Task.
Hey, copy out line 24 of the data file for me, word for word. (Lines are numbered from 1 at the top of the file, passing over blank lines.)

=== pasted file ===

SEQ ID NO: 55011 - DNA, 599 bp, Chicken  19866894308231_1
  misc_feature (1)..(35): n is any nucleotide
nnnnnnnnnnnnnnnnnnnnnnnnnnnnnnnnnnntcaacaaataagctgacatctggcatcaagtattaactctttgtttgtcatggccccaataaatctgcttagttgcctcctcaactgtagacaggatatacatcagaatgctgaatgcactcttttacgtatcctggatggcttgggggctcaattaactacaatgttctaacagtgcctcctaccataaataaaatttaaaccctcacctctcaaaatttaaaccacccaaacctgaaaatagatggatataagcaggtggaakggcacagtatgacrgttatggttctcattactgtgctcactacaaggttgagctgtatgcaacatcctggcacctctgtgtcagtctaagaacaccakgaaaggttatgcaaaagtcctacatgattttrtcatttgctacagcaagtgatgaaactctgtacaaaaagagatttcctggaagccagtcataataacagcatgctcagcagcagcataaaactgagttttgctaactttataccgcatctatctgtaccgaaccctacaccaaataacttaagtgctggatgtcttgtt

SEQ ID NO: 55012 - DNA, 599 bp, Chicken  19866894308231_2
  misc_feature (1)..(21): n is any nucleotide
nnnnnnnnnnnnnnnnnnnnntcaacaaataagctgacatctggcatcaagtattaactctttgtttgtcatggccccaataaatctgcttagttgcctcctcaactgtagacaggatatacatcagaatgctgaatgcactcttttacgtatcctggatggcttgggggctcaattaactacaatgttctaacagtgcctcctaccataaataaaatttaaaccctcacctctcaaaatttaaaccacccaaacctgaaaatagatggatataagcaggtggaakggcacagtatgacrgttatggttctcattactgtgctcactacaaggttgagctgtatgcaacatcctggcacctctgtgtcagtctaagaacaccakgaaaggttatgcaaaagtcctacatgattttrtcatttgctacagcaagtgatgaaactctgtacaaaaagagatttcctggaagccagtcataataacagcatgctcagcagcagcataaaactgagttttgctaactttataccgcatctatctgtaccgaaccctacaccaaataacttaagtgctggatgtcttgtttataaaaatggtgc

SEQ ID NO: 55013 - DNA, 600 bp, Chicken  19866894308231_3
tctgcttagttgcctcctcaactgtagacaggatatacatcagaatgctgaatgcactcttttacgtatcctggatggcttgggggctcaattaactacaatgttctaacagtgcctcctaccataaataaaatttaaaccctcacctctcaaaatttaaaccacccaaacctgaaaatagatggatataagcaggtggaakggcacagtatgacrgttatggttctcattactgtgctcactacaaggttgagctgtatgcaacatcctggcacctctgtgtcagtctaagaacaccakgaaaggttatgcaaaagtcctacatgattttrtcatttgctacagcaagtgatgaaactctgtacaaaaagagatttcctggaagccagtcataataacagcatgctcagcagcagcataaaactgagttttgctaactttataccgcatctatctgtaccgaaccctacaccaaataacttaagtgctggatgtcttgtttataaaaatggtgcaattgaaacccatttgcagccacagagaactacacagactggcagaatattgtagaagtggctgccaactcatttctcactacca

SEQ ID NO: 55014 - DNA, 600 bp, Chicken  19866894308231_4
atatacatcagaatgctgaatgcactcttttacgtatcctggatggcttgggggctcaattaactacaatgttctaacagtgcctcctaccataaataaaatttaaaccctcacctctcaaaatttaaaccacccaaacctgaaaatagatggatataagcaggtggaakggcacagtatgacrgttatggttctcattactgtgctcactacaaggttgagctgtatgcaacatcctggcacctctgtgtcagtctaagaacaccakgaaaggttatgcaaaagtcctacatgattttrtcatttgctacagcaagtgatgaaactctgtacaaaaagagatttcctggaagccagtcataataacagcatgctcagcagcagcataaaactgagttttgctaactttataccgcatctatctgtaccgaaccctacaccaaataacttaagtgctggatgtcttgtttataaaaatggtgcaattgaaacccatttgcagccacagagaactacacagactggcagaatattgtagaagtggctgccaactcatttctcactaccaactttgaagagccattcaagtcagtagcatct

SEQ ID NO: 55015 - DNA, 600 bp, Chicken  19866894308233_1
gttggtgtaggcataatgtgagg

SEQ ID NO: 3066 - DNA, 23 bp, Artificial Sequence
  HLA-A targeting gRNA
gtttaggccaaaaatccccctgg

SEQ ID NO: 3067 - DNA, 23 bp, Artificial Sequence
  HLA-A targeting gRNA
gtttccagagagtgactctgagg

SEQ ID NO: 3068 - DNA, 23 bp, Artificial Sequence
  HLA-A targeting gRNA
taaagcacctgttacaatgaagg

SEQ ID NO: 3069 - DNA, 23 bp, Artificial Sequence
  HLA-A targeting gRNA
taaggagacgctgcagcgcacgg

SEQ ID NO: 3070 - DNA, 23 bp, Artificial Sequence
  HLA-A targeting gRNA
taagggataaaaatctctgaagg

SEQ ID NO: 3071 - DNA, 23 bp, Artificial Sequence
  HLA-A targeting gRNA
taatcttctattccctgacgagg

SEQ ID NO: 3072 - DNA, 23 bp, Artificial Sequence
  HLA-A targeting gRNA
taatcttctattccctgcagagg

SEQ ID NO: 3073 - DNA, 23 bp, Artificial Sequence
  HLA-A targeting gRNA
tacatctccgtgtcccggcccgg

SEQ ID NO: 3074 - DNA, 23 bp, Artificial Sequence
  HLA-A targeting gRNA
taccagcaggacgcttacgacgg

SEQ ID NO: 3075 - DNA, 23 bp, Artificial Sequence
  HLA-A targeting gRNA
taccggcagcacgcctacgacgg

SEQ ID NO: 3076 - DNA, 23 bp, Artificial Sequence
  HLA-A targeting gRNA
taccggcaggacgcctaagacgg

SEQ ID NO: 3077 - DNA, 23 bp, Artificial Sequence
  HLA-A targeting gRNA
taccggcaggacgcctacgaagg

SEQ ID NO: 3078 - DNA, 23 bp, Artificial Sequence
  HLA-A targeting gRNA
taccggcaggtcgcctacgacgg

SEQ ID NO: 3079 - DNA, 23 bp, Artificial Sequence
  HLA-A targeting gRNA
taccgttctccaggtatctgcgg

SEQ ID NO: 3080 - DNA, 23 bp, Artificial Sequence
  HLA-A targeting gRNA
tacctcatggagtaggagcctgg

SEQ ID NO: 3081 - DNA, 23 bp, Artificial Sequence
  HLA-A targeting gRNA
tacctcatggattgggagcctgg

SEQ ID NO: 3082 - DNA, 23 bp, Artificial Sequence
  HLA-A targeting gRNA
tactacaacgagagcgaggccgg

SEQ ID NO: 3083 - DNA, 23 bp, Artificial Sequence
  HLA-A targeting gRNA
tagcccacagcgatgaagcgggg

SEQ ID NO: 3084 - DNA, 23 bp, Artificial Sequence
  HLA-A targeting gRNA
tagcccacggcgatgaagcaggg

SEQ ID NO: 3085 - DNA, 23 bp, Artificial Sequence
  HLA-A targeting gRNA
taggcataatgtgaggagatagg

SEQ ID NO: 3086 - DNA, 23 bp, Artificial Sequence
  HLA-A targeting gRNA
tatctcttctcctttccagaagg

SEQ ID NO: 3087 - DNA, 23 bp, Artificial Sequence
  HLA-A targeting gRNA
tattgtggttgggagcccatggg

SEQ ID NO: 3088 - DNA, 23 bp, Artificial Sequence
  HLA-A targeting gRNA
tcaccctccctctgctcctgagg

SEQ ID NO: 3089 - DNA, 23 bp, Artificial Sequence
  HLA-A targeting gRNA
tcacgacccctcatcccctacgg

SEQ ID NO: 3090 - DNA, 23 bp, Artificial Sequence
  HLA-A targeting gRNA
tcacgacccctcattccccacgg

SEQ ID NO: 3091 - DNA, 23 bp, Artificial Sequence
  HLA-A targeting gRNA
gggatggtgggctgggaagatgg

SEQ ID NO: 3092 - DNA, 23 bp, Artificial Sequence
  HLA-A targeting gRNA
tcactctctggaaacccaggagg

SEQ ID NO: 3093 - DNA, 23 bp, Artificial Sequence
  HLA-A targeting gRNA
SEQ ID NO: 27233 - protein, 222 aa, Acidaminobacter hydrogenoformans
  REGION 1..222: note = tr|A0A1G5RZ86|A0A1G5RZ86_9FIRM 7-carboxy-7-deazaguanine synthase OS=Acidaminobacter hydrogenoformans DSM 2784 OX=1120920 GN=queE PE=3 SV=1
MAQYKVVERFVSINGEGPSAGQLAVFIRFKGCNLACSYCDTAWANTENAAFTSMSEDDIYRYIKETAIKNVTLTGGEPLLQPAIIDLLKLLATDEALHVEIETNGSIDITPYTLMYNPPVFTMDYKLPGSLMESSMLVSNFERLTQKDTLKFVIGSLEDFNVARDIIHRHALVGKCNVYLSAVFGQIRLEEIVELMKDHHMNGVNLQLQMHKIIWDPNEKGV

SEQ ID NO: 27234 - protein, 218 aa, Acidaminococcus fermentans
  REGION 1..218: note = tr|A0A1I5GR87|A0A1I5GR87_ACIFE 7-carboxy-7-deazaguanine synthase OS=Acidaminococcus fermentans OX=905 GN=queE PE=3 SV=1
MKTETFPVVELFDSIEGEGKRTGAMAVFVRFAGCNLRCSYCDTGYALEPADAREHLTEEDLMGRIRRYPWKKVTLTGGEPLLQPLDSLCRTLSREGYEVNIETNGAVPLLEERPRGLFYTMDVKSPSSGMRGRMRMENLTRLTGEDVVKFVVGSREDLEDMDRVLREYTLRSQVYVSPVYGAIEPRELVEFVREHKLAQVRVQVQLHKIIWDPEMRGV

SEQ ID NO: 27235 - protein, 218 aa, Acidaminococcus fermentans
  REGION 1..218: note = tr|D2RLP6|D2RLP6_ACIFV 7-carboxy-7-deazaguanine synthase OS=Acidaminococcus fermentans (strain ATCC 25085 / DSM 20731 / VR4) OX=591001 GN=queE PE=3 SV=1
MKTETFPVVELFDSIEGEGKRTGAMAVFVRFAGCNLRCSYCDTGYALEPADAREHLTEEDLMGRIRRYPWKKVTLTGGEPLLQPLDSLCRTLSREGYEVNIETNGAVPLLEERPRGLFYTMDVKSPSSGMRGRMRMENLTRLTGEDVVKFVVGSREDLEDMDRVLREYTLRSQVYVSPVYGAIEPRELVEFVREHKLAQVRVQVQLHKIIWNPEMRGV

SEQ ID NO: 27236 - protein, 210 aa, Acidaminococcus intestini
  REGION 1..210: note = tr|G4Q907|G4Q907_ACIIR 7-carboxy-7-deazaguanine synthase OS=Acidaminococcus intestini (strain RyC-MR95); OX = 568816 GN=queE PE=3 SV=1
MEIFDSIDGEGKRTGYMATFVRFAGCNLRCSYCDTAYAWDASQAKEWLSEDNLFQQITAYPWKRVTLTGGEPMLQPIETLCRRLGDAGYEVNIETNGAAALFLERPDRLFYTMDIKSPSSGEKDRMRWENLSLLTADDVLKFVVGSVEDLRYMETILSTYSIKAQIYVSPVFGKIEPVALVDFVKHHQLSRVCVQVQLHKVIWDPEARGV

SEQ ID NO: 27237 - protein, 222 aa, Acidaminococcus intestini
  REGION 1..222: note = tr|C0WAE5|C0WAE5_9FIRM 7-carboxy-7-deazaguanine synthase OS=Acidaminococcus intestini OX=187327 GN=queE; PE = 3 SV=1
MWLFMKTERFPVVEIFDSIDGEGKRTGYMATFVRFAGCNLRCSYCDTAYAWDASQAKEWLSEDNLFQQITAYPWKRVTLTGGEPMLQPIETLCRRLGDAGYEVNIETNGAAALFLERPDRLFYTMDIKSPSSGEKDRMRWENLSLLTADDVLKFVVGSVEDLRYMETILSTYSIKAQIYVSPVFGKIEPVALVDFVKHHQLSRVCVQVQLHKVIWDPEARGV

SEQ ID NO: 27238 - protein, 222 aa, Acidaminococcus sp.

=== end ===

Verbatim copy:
taaggagacgctgcagcgcacgg